family as a non-count noun

JungKim

Senior Member
Korean
Sometimes, "family" can be used as a non-count noun.
The following sentences are taken from Merriam-Webster Learner's Dictionary.

(1) He spent a quiet evening at home with family.
(2) She was surrounded by friends and family.
(3) He has family in California.
(4) They treat their guests like family.
(5) You're always welcome here because you're family.

Now, I have inserted these boldfaced words to make "family" a count noun as follows:

(1') He spent a quiet evening at home with his family.
(2') She was surrounded by her friends and family.
(3') He has his family in California.
(4') They treat their guests like their family.
(5') You're always welcome here because you're my family.

Please let me know if any of the latter group of examples is awkward.
 
  • owlman5

    Senior Member
    English-US
    I don't think your versions are awkward, JungKim. The possessive adjectives in all those versions are functional. I suppose native English-speakers use the first versions often because the possessive adjectives really aren't necessary for listeners to understand what "family" means.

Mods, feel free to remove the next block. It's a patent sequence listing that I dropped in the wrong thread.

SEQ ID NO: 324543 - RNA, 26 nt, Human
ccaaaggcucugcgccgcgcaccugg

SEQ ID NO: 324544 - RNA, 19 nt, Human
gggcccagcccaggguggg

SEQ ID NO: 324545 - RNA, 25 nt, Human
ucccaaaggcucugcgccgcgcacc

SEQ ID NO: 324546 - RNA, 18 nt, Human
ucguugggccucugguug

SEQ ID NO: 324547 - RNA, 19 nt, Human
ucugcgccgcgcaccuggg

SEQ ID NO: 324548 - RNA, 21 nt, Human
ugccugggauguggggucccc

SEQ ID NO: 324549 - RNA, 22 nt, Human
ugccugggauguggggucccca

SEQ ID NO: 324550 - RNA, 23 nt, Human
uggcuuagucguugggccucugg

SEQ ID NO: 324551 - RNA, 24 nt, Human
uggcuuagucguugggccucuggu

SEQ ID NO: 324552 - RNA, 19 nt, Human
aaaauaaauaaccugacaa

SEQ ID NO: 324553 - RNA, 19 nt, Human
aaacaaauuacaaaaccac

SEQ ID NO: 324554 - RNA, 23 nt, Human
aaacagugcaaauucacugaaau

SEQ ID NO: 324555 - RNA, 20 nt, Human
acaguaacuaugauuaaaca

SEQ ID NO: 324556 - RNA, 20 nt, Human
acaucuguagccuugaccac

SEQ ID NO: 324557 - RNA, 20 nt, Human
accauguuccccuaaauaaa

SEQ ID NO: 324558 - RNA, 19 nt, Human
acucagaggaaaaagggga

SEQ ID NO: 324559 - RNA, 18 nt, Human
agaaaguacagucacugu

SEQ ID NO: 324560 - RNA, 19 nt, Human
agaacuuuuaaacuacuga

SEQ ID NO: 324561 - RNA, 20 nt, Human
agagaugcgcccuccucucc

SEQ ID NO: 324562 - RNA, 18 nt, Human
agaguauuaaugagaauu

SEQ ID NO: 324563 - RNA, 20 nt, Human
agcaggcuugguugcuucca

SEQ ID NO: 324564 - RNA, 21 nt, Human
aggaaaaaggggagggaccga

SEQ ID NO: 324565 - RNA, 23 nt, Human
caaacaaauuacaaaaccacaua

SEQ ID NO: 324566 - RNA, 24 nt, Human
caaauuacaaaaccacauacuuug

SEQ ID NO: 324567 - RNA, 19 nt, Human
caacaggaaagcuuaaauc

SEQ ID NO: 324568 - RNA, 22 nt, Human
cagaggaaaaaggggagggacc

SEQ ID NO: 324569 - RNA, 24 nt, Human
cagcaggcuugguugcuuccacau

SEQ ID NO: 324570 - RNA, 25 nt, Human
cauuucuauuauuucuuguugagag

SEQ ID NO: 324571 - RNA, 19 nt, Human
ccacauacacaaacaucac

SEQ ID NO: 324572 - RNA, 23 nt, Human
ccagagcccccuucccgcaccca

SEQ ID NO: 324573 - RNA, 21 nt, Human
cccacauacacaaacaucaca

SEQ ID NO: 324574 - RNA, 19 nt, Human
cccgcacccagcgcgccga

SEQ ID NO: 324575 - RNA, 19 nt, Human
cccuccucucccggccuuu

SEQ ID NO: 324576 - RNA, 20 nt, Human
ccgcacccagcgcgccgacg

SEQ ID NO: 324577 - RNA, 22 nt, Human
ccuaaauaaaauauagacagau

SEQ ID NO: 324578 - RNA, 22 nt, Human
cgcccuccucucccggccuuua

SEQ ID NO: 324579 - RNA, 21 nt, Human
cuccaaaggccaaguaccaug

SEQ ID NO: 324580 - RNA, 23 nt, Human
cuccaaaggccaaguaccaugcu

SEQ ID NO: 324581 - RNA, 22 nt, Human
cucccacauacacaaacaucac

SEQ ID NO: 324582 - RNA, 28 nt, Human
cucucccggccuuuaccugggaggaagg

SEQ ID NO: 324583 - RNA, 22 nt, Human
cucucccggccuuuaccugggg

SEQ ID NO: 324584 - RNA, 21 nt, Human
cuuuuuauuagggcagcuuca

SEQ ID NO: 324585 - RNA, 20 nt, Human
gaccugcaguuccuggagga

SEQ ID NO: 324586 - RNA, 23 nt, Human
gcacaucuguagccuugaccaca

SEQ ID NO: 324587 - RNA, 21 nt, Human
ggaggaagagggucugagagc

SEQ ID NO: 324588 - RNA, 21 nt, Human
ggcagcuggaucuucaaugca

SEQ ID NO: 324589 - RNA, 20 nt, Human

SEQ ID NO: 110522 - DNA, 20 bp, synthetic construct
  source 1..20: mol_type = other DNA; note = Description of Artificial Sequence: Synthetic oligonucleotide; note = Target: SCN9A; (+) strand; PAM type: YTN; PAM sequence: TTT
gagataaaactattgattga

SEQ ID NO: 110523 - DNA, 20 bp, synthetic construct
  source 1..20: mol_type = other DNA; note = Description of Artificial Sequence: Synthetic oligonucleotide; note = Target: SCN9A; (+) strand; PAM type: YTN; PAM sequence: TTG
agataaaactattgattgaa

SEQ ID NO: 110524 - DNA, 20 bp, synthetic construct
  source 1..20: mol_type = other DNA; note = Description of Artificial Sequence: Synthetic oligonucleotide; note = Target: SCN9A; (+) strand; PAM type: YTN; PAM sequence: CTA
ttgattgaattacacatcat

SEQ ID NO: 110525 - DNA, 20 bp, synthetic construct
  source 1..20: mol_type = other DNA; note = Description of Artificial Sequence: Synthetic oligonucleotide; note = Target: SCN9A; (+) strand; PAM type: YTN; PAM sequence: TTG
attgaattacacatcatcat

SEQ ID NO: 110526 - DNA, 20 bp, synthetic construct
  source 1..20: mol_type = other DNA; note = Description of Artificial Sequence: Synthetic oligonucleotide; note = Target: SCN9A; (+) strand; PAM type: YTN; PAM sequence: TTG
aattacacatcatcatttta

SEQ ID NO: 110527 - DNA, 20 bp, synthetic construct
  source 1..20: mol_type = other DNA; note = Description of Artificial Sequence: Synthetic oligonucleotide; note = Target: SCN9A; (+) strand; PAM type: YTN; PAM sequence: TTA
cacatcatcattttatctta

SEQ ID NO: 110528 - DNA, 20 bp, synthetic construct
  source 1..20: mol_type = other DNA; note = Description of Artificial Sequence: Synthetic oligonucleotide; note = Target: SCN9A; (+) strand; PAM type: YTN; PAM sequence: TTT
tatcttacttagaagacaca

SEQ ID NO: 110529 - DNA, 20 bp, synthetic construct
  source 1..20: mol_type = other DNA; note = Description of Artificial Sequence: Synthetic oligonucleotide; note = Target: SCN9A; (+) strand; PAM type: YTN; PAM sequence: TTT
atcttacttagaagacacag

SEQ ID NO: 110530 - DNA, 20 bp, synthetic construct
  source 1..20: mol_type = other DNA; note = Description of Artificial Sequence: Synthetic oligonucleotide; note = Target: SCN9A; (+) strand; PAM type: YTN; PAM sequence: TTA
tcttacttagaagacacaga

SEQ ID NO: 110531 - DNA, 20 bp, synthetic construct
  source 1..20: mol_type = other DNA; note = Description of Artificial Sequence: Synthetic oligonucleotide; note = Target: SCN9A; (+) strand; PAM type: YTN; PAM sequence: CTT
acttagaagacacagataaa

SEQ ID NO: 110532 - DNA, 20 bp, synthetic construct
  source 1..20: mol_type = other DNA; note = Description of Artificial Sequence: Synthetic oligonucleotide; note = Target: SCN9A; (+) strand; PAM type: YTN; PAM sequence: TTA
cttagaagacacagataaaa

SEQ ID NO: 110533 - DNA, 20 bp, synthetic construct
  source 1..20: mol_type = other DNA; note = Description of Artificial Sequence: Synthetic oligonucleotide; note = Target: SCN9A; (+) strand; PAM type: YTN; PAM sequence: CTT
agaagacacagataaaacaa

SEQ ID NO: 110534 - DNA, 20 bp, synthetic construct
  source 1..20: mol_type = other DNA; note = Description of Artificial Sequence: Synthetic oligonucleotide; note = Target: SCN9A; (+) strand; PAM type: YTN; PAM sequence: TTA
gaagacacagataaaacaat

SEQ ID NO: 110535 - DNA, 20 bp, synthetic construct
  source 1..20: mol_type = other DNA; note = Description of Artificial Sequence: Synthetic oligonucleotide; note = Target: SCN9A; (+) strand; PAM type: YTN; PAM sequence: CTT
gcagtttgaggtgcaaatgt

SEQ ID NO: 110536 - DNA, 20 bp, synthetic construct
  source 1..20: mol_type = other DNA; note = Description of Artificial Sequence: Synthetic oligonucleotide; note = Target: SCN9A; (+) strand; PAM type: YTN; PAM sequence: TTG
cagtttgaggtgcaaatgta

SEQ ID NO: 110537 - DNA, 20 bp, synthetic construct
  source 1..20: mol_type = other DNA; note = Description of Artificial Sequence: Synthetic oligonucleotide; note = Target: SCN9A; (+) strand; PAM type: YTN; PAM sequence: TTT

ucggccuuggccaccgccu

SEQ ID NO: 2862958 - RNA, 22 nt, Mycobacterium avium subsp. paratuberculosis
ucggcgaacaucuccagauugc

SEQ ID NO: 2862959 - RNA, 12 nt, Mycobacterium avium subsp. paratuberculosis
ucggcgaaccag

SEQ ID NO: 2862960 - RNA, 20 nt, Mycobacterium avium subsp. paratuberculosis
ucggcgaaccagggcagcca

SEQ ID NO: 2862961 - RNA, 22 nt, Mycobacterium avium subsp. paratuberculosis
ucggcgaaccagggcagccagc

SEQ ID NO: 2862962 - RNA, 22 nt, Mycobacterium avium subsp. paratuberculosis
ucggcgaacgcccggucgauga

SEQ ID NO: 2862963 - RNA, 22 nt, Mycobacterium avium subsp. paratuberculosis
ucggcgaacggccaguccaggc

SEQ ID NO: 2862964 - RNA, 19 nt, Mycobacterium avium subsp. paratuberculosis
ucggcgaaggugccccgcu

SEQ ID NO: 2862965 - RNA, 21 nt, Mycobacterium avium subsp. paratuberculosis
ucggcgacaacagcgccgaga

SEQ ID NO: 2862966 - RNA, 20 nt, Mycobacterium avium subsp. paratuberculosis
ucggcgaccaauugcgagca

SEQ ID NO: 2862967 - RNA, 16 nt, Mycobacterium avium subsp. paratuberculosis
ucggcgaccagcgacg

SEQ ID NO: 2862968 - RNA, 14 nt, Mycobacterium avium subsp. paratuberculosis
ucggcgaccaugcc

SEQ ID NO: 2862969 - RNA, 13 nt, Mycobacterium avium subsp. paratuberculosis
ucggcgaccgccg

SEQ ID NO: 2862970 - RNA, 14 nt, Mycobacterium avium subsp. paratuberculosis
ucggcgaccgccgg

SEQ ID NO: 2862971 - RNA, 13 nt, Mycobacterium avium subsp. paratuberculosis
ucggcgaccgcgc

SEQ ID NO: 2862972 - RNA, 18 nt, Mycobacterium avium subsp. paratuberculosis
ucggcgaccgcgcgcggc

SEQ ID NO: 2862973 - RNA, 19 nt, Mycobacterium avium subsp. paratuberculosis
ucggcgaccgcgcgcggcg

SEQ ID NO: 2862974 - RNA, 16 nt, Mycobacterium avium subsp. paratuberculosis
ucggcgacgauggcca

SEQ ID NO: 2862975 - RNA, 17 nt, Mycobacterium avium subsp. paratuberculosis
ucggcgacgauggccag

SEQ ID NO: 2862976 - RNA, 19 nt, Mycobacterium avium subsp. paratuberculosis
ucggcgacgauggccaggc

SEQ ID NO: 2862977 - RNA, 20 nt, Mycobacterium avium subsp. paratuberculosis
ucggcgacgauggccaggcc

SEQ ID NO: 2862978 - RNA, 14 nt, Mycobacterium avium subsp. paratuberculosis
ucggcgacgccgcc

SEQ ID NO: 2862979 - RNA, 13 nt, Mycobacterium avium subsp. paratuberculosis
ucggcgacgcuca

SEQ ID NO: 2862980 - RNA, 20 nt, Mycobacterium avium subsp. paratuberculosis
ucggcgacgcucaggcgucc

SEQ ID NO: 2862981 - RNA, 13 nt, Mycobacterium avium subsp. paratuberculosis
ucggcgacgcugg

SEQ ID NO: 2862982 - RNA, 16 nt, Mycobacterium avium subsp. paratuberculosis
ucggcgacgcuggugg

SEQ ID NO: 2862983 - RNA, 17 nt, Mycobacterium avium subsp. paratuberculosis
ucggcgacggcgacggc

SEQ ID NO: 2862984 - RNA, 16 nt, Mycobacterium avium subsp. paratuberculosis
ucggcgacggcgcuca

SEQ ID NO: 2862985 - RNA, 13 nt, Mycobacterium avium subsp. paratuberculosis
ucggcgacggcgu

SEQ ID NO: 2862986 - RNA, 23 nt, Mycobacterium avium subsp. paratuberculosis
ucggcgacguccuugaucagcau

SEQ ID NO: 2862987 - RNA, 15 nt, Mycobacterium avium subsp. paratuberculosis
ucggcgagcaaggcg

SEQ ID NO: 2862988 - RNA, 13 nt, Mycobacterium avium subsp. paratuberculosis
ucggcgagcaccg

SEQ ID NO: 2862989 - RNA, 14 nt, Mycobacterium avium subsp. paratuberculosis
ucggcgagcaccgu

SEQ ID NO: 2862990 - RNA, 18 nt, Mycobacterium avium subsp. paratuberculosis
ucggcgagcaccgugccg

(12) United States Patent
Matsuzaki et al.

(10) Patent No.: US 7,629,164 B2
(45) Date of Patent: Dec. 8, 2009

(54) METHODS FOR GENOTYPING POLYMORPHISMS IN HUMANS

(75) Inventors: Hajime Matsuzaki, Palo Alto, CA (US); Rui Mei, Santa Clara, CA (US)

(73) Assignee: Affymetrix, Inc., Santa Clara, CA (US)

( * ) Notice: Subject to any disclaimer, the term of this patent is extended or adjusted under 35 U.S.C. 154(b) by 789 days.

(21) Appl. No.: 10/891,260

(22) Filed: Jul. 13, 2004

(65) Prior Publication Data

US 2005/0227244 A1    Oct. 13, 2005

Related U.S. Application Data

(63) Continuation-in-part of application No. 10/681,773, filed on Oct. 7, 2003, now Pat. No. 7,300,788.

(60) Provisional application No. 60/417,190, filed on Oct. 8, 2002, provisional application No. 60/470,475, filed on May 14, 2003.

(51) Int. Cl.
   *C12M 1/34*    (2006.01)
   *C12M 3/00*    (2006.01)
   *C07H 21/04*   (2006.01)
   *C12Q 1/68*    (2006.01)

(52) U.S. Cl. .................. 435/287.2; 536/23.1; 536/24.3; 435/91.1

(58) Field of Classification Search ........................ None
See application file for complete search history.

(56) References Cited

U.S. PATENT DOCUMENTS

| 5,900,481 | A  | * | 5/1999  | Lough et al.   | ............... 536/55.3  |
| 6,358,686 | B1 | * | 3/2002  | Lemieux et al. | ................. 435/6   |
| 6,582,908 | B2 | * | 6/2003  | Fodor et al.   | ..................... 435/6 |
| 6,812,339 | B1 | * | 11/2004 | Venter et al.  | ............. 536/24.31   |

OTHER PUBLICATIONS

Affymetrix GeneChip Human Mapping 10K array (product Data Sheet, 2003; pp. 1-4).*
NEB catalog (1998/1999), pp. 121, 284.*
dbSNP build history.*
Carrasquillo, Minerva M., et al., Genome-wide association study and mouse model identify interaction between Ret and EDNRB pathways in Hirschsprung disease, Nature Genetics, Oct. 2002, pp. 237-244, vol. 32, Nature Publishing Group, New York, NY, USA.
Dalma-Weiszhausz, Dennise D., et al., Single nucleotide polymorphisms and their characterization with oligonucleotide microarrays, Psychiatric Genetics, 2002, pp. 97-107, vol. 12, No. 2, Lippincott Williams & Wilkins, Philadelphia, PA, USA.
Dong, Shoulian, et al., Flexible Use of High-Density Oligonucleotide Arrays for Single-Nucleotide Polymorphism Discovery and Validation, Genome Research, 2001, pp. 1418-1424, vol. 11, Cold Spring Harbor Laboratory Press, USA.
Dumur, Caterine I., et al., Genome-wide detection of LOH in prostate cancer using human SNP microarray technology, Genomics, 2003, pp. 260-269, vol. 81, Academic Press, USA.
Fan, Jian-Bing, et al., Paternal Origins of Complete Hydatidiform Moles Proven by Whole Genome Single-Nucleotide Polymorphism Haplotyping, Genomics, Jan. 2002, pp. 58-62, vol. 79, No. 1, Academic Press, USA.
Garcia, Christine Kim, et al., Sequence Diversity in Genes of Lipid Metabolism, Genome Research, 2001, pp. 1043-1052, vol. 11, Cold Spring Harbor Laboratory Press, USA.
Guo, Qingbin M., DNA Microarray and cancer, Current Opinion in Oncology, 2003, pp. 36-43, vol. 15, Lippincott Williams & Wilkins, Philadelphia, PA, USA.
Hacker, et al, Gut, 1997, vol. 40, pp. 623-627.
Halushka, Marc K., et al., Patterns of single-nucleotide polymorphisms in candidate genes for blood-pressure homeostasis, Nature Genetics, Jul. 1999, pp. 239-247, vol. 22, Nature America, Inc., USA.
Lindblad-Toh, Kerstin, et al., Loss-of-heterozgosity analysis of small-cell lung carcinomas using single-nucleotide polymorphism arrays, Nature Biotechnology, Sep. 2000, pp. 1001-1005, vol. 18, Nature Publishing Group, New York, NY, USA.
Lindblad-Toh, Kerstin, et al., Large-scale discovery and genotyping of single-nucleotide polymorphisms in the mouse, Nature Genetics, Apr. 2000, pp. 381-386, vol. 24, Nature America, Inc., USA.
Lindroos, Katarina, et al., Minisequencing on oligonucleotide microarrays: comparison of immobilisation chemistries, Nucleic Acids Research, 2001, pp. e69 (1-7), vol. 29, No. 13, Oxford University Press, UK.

Parla

    Member Emeritus
    English - US
    (1'), (2'), and (4') are perfectly natural and have the same meaning as the originals.

    (3'): That would sound as if he and his immediate family (either he and his wife and children or, if he is younger, he and his parents) are in California. But "he has family in California" actually means that he has relatives (such as aunts, uncles, cousins) in California, so your revision doesn't work in this case.

    (5'): Again, this doesn't work because it sounds as if "you" are actually related to the speaker, while "you're family" is used more broadly in the original to mean "I think of you as being as close to me as my own family".
     

    Cagey

    post mod (English Only / Latin)
    English - US
    The sentences in the second set look grammatical to me. In some cases, there is a nuanced difference in meaning.

    The addition of the definite article has an interesting in effect on the meaning of this sentence:

    He has family in California.